We are back at sea and going nowhere. By that I mean that we have moved the ship about 5-10 miles away from Malaga (very clearly in view) and are at anchor while we do drills (they even lowered the lifeboats today). If we were to just go full steam ahead to Greece, it would probably take us only a couple of days or so to get there. “Empire State VI,” much like Odysseus, is going to take a long and leisurely route before we finally raise the Hellenic lands. This scenic tour of the Mediterranean is going to test the navigation and piloting skills of cadets… particularly when we encounter the Sirens and the Clashing Rocks.
Today we fell out of sight of land and are now in the middle of the giant salt puddle known as the Mediterranean Sea. Today nothing really noteworthy happened (we haven’t met any Krakens, Sirens, or seen the Clashing Rocks yet), but I did happen to have my first official meeting with the Captain. The Captain wanted to talk about some of the content to put in my port guide for Greece. There is apparently going to be a three island tour offered, as well as a tour of the Acropolis. All surrounding this will be two receptions. One when we anchor at Andros, and then a huge reception on the ship on the night of the 6th. Alumni and industry leaders will be there. In addition, once we are in Piraeus we will be offering tours of the ship, etc.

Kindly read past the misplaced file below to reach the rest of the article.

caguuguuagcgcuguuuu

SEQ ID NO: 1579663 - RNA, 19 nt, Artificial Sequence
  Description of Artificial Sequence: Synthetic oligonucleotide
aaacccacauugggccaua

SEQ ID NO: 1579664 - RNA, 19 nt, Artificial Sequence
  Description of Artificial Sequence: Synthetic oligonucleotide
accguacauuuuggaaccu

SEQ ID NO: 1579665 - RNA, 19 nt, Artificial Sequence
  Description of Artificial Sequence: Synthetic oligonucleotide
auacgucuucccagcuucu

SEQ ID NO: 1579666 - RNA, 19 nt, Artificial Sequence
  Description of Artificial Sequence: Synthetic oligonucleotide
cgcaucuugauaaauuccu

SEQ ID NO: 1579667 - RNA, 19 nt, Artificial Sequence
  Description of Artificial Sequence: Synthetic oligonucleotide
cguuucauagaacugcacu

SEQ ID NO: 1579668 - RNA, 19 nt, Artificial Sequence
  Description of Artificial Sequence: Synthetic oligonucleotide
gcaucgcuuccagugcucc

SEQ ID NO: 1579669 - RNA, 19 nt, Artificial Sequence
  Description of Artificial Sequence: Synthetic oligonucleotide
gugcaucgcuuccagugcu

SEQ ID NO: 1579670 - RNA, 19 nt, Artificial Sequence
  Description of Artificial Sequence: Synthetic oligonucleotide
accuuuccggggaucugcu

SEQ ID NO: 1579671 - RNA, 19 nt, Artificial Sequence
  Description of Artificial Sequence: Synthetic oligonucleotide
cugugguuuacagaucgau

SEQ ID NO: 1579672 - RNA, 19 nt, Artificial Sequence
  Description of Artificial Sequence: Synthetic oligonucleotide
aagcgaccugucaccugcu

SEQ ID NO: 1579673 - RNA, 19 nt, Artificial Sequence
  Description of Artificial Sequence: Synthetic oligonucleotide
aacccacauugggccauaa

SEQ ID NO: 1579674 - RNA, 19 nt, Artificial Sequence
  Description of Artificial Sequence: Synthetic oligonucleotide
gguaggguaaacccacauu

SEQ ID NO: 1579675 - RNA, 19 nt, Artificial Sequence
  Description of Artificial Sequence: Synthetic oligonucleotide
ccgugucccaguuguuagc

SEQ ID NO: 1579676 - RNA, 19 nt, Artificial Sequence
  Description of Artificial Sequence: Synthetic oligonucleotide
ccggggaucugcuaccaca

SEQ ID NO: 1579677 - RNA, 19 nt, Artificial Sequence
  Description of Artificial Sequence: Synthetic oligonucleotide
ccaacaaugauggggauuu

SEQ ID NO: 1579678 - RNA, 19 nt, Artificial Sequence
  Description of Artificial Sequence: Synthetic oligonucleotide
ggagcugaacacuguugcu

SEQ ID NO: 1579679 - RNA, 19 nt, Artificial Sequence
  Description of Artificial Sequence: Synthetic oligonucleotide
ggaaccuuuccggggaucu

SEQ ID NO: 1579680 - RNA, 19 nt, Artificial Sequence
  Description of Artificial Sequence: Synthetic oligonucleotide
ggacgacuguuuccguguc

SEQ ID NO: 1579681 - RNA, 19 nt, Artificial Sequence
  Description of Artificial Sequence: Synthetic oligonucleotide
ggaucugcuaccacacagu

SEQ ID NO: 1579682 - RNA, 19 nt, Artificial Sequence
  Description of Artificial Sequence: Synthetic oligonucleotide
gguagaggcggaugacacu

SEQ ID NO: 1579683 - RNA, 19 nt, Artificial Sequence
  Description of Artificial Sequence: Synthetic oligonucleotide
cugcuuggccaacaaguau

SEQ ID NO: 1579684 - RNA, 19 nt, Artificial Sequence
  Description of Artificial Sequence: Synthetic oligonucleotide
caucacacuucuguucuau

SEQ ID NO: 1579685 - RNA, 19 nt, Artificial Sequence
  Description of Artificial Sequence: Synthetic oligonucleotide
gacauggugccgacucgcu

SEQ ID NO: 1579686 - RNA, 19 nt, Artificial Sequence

Allow me an indulgence to express my annoyance at doing concentric circles around lovely islands without any intention of stopping there. Majorca, which is the island we are circling now, is a beautiful island, and, according to one of the officers, is a “really great port.” Of course he thought I was joking when I asked him to pull over the ship so we can get out, even for half a day….Weather has been humid and growing hot. The seas, however, have been especially calm as we do our concentric loops.